Materials and methods
Plant material, salt stress treatment and physiological indicators measurement
The M14 seeds were soaked in water for 4 h, disinfected with 70% ethanol for 1 min, soaked for 15 min using 0.1% HgCl2, treated with TMTD (1:500) for 12 h and rinsed in water. The treated seeds were sown in white porcelain trays lined with vermiculite and incubated at 25 °C/20 °C (day/night) in a light chamber with a light intensity of 450 µmol m−2 s−1, a light duration of 14 h and relative humidity of 65%. After 7 days, the seedlings were transferred into a half strength Hoagland’s nutrient solution (Cherki et al. 2002) for hydroponics, and then treated with salt stress when the fifth real leaf emerged. BvM14 seedlings were treated with 0 mM NaCl as a control and the final concentration of NaCl was added to the nutrient solution up to 200 mM and 400 mM as salt stress treatments. Root samples from three individual plants (each as a biological replicate) were snap frozen in liquid nitrogen after harvesting and stored at − 80 °C till further use. Free sulfhydryl group of cysteine, AsA and GSH content was measured following a manufacturer protocol (Comin Biotechnologies, Suzhou, China). Three biological repeats were used for each analysis.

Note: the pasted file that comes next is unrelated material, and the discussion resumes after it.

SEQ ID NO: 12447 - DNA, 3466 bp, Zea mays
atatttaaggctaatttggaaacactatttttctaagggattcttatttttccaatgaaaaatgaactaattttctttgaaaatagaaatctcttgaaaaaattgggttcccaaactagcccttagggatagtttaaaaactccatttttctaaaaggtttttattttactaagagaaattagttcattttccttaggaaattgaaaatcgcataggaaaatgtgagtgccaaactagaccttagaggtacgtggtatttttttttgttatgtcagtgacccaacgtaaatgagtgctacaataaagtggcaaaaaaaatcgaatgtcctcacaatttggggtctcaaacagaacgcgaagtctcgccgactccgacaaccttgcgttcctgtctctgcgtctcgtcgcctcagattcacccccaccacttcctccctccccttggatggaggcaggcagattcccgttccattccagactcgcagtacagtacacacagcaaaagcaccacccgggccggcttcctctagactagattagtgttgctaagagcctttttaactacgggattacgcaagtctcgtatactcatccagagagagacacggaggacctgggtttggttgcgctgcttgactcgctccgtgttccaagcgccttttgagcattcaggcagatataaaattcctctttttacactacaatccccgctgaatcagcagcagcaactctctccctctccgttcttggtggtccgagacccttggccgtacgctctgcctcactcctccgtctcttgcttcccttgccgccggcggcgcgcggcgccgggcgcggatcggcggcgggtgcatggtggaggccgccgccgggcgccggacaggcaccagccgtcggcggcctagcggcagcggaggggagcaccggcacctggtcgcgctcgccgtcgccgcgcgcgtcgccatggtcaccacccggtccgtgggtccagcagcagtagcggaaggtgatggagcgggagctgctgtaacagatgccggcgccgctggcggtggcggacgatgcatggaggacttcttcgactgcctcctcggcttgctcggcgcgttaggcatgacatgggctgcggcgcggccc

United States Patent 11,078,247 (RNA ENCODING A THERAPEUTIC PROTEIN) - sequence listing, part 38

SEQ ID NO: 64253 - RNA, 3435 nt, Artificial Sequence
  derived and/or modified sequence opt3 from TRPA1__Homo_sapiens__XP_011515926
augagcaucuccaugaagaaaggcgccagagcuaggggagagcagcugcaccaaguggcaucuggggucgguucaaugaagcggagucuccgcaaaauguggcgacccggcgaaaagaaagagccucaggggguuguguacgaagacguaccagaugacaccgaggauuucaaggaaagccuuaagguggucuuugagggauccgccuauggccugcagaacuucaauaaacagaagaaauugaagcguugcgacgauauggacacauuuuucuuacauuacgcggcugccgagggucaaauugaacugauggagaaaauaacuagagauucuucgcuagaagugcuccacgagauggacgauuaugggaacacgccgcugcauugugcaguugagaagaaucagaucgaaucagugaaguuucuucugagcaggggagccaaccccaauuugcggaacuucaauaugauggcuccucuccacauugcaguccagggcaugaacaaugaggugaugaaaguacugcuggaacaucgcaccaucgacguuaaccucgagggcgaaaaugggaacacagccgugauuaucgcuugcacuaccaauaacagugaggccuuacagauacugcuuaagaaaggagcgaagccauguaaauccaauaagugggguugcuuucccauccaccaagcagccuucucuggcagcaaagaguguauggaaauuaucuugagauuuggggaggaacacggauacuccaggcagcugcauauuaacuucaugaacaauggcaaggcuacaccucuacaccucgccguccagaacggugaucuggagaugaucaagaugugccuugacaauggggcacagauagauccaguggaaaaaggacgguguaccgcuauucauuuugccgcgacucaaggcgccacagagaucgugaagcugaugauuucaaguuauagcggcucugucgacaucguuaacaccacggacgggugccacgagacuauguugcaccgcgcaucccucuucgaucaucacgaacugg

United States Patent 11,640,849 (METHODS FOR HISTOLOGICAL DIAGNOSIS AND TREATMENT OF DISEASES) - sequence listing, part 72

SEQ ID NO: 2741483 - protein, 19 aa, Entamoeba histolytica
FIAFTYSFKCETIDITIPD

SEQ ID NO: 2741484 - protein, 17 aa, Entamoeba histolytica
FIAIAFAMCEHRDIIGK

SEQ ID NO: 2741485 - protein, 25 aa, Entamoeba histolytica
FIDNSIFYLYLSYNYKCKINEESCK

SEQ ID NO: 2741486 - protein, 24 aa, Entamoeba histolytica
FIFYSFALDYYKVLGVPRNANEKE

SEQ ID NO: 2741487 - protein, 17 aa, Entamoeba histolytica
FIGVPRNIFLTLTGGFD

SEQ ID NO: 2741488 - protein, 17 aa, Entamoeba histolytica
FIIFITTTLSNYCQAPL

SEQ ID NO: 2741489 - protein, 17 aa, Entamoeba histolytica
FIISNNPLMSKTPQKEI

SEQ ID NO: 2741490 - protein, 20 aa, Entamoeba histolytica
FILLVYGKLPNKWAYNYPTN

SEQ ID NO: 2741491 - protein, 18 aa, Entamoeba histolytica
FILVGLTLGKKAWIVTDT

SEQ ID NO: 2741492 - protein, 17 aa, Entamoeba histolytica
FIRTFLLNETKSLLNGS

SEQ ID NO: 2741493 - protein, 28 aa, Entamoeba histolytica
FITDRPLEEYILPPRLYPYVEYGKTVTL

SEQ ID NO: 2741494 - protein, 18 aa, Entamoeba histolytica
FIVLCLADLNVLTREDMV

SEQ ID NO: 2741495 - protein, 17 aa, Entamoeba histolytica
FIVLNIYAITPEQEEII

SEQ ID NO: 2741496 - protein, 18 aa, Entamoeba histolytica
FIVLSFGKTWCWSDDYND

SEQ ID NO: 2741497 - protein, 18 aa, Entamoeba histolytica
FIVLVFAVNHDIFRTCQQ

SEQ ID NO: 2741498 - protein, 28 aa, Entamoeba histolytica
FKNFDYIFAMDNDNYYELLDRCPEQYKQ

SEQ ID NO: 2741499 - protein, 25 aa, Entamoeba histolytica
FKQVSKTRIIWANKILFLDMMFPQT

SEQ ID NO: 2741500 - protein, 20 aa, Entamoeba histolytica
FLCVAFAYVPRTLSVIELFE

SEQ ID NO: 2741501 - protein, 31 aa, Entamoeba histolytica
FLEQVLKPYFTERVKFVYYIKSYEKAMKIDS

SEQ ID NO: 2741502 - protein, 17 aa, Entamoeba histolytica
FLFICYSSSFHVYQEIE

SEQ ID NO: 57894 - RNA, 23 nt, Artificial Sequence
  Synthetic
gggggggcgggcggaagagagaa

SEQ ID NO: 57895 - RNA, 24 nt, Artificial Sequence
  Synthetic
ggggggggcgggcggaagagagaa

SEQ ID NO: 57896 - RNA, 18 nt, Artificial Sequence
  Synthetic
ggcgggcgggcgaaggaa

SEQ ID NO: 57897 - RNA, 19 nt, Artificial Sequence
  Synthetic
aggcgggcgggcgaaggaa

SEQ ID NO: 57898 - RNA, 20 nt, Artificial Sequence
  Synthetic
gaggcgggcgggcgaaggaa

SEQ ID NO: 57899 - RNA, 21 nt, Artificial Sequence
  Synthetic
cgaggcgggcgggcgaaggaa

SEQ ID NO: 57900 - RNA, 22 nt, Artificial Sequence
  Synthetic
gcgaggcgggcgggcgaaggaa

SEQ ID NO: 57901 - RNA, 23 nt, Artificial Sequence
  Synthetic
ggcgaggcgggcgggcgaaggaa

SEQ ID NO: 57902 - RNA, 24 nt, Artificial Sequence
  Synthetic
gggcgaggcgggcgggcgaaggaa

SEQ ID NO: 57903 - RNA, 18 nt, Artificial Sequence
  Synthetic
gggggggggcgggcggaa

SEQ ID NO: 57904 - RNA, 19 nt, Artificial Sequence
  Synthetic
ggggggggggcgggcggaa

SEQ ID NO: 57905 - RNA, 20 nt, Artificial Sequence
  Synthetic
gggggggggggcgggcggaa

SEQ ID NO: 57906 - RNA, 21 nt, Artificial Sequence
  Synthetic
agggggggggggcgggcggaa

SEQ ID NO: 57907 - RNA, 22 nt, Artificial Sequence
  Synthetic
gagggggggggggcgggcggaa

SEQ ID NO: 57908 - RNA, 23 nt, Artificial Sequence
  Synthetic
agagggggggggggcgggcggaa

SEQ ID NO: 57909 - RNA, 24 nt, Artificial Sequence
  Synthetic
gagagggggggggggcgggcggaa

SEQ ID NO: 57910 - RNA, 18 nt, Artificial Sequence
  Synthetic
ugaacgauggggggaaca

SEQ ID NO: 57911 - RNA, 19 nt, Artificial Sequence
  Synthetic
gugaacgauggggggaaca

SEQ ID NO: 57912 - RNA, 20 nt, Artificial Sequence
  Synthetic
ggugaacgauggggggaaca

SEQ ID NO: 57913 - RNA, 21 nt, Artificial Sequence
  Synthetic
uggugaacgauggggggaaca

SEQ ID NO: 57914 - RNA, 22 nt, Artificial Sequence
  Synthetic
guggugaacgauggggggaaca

Protein sample preparation
The root samples were ground to a powder in liquid nitrogen with cysteine alkylation reagent N-ethylmaleimide (NEM), and the total protein was extracted by phenol extraction. In particular, equilibrated phenol (pH = 7.8) was added to the samples contained in the tubes, mixed thoroughly and then a phenol extraction buffer (900 mM sucrose, 100 mM Tris–HCl (pH8.8), 1 mM PMSF, 20 mM N-ethylmaleimide (NEM), 10 mM EDTA) was added, mixed well and centrifuged. To the protein fraction, 5 times the volume of 100% methanol containing 0.1 M ammonium acetate was added. The mixture was incubated overnight at − 20 °C. After centrifugation at 20,000 r/min for 20 min at 4 °C, the pellet was collected and washed with pre-cooled 80% and 100% acetone respectively. A protein lysis buffer (0.5% SDS, 6 M Urea, 30 mM Tris–HCl, pH 8.5) was added to solubilize the pellet. Protein concentration was determined using a bicinchoninic acid (BCA) kit according to the manufacturer's instructions (TAKARA, Beijing China).